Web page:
Federal Judge Temporarily Blocks United Airlines’ Vaccine Mandate

Federal Judge Temporarily Blocks United Airlines’ Vaccine Mandate

A federal judge in Texas temporarily blocked United Airlines from putting unvaccinated workers who requested exemptions from the company’s COVID-19 shot mandate on leave.

“The court is not currently ruling on the merits of the parties’ arguments on these points,” U.S. District Judge Mark Pittman wrote in his order. “Rather the court seeks simply to avoid the risk of irreparable harm to the parties and to maintain the status quo while the court holds an evidentiary hearing.”

United originally planned to put any workers who did not comply with the company’s shot order on leave. Even those who requested and were granted religious exceptions from the jab were going to be forced into medical or “indefinite unpaid leave.” Under Pittman’s new order, however, the company is not permitted to take any unvaccinated workers off of the airline’s payroll. The order expires Oct. 26.

United Airlines was one of the first airlines to force the COVID-19 shot on its employees starting in August. Nearly 600 of the company’s workers are at risk to be fired since they have yet to get the jab, in addition to the 2,000 employees who have filed requests for exemption.

“We know some of you will disagree with this decision to require the vaccine for all United employees,” United CEO Scott Kirby and President Brett Hart wrote in a memo. “But, we have no greater responsibility to you and your colleagues than to ensure your safety when you’re at work, and the facts are crystal clear: everyone is safer when everyone is vaccinated.”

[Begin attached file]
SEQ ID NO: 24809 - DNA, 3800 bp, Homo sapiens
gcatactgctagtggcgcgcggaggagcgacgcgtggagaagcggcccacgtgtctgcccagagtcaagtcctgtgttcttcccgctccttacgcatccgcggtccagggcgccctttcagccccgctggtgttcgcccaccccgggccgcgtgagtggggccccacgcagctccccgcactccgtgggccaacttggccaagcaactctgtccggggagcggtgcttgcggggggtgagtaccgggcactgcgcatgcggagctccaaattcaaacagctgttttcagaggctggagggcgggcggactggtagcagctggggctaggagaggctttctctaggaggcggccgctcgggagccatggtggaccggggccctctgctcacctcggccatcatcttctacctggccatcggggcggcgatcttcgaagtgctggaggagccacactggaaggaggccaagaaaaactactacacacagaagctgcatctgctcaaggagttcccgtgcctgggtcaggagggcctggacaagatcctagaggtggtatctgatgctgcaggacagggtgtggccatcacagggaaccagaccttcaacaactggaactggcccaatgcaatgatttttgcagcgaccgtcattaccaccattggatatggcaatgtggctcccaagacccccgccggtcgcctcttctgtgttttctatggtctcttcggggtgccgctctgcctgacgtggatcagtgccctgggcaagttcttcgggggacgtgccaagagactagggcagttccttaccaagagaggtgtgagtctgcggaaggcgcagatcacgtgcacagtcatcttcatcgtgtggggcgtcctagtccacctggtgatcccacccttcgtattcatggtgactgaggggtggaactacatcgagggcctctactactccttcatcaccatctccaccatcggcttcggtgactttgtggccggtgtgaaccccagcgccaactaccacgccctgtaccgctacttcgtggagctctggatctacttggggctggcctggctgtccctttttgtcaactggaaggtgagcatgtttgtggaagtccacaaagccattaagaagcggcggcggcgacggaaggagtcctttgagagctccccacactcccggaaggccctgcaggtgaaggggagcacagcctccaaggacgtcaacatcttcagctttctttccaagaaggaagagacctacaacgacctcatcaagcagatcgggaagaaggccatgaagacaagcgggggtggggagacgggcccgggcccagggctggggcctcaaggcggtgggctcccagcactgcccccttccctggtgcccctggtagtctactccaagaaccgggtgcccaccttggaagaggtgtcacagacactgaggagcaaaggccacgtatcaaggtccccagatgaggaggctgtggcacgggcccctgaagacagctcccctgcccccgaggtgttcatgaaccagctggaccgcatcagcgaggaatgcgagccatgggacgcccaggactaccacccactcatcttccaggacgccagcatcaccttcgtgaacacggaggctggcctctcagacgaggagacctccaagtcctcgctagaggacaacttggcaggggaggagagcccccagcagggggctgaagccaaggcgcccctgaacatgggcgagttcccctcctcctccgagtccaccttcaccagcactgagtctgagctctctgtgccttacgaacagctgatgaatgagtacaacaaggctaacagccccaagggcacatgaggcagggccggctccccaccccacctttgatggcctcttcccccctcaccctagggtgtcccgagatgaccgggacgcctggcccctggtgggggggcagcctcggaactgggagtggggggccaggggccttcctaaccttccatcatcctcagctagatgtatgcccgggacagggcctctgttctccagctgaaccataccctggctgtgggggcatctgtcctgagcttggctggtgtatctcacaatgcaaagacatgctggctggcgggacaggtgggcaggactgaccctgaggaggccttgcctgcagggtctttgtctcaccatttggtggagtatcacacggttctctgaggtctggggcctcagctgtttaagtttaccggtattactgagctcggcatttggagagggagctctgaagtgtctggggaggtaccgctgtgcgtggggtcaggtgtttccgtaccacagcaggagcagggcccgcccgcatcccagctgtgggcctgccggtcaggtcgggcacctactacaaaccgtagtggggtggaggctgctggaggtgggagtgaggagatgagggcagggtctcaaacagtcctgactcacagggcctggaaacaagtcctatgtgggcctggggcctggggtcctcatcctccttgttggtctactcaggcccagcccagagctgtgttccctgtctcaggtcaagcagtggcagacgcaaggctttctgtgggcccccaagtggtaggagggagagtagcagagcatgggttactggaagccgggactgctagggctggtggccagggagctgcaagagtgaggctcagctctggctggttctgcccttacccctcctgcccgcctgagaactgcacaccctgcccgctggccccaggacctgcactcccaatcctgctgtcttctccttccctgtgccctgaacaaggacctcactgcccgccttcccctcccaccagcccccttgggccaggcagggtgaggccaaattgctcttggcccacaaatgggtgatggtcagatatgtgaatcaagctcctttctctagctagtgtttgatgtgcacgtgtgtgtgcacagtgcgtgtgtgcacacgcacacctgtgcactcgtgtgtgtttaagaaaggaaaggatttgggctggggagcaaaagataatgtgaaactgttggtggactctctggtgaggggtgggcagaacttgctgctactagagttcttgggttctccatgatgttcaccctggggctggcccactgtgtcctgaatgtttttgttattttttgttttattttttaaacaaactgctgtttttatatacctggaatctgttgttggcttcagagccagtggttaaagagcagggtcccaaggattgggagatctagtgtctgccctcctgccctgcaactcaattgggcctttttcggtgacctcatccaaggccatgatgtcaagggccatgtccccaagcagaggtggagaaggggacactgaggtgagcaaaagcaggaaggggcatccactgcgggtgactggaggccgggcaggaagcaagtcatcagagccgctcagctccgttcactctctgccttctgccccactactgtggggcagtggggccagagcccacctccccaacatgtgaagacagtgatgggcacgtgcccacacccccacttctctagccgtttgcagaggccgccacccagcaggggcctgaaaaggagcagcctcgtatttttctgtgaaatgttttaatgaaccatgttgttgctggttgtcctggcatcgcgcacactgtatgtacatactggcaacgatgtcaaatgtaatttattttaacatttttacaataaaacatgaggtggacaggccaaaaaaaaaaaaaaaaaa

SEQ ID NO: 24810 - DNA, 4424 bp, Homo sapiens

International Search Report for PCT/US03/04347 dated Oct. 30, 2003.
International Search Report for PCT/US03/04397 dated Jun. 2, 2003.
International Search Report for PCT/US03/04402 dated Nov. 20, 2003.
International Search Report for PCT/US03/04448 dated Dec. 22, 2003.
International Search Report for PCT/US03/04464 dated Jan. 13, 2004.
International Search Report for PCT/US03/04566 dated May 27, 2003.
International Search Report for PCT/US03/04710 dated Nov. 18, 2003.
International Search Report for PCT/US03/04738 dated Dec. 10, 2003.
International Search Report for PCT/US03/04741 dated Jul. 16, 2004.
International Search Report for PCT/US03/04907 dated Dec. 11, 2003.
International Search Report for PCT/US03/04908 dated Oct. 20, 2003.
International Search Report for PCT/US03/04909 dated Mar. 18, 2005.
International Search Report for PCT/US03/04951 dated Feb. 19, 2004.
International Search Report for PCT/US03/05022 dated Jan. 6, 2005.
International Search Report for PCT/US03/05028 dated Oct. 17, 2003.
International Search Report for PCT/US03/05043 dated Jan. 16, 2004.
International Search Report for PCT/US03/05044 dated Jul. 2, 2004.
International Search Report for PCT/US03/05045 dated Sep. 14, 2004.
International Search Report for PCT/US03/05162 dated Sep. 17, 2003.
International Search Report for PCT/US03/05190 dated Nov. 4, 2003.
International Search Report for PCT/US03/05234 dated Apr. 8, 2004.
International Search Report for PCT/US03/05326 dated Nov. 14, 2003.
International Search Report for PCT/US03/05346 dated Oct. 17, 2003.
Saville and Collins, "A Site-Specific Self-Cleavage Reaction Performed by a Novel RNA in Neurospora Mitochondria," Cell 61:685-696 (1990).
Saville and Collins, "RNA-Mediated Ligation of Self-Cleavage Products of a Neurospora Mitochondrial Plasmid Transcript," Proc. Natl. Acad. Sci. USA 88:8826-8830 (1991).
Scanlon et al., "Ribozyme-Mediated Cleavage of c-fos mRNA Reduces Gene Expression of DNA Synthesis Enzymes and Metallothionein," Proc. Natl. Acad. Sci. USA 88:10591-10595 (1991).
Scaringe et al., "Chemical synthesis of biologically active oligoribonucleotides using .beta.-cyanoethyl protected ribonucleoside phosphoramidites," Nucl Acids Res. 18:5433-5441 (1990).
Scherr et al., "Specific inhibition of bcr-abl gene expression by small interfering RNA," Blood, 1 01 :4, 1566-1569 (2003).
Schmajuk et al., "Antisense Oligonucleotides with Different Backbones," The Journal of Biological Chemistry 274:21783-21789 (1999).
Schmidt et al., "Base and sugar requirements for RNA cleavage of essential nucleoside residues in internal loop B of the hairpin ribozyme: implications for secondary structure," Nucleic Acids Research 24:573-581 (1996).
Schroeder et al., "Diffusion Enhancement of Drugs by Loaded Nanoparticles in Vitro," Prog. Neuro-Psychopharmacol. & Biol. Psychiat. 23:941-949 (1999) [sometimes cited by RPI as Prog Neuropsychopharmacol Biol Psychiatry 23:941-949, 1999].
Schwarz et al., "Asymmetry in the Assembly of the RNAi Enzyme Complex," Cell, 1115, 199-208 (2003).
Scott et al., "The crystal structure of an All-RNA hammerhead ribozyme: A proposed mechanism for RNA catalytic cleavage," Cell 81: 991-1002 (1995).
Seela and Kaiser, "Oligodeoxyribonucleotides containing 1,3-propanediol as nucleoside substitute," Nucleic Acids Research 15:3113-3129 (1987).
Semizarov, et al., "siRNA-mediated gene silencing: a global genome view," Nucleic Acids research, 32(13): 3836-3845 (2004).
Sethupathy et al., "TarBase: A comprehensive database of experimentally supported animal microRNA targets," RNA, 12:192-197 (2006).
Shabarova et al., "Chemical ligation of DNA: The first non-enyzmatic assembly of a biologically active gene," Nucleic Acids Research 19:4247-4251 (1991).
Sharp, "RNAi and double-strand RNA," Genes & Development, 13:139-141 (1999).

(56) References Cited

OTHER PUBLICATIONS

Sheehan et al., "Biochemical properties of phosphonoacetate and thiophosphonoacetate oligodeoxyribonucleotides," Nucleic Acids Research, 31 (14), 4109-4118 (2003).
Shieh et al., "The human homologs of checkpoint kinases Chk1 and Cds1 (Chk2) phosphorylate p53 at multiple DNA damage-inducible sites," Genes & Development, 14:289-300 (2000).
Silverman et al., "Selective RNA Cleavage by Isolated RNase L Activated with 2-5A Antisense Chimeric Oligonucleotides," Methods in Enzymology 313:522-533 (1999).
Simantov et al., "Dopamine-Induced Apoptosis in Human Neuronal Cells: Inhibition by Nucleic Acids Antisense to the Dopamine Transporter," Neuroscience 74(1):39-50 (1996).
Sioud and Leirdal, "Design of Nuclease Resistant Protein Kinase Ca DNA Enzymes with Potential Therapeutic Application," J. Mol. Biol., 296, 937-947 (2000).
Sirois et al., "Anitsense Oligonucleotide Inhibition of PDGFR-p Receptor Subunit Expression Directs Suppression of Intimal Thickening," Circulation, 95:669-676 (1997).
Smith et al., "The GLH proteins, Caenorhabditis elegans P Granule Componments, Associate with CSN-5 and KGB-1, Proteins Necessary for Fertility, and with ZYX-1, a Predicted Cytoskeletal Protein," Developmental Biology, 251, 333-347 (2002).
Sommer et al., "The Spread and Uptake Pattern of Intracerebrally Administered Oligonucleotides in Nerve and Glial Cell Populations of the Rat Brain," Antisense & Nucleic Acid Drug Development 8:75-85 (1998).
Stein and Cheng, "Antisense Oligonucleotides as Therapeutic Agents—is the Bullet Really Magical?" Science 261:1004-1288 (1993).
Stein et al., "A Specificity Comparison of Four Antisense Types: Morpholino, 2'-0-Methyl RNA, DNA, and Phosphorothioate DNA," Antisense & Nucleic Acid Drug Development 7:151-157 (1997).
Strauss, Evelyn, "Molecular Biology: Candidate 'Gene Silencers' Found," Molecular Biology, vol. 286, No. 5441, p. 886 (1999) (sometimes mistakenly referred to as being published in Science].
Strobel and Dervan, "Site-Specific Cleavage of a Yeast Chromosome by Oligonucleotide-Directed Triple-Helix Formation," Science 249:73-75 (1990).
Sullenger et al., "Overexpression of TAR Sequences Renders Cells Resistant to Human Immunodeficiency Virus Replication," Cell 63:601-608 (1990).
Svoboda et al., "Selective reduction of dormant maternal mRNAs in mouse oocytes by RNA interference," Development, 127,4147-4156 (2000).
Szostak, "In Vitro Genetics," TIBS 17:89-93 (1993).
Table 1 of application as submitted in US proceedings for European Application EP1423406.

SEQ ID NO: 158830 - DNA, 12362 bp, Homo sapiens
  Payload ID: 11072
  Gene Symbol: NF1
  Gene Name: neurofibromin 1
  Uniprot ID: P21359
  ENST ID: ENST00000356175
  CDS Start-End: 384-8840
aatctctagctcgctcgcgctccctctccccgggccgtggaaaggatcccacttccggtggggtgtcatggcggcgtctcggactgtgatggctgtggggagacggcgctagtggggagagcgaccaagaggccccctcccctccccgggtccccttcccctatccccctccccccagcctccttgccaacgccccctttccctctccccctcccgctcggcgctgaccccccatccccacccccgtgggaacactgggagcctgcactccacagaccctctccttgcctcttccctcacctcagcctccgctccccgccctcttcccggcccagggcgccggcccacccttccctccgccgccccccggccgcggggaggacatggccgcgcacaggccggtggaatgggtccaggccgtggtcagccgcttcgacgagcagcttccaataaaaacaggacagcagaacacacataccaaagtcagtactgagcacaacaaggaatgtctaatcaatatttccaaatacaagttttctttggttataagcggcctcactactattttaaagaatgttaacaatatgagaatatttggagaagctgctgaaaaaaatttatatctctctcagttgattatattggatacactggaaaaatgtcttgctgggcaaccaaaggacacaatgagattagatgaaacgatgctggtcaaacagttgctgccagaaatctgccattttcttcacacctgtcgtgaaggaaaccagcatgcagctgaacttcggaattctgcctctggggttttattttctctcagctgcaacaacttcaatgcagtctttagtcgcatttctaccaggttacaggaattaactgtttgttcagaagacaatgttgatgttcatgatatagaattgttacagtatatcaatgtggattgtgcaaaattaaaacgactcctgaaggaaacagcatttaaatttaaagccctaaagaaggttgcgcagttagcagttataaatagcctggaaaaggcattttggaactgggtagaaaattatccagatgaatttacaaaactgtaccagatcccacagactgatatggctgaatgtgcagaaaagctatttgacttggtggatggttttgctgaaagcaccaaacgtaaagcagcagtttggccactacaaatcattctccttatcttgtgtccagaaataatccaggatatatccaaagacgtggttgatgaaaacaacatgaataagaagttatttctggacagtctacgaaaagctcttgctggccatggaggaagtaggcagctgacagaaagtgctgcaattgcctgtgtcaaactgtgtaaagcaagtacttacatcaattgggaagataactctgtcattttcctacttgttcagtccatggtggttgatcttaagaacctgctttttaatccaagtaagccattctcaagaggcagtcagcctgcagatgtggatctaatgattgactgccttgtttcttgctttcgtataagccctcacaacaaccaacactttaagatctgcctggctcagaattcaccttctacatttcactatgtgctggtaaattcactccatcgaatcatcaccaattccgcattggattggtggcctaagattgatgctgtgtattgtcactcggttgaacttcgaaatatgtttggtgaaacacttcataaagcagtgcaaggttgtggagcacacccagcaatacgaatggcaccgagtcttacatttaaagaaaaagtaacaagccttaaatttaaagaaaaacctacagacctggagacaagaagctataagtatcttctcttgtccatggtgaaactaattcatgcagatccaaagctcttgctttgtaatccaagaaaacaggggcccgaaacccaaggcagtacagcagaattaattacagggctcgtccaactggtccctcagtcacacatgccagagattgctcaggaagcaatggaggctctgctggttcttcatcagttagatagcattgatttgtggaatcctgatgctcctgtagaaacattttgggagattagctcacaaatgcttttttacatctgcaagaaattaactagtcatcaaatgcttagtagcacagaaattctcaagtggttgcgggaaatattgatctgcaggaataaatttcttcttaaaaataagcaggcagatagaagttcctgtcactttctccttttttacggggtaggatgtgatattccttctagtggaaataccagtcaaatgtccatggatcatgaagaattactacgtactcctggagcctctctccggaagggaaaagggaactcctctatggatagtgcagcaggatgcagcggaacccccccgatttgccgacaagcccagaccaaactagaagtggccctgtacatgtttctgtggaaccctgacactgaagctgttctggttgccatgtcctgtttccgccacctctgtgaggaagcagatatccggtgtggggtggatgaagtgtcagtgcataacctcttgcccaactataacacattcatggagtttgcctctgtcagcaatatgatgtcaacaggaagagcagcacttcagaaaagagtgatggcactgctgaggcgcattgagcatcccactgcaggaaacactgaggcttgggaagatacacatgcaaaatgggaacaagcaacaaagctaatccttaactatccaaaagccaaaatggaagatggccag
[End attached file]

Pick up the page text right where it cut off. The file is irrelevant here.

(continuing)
Thousands of pilots, flight attendants, and office staff applied for medical and religious exemptions but their requests were met with hostility. A handful of employees sued United for discriminating against people with legitimate objections to the shot and forcing them to abandon their convictions or source of income. United agreed to push back the deadline for getting the shot from Sept. 27 to Oct. 15 amid the ongoing litigation, but that still leaves workers in limbo.

President Joe Biden and his administration previously praised United’s decision and even used it to justify his newest vaccine mandate ordering certain private companies to interfere with their employees’ highly personal choices about the medical treatments administered to their bodies.

“Some of the biggest companies are already requiring this: United Airlines, Disney, Tysons Food, and even Fox News,” Biden said in a speech.

Jordan Boyd is a staff writer at The Federalist. She graduated from Baylor University where she majored in political science and minored in journalism.
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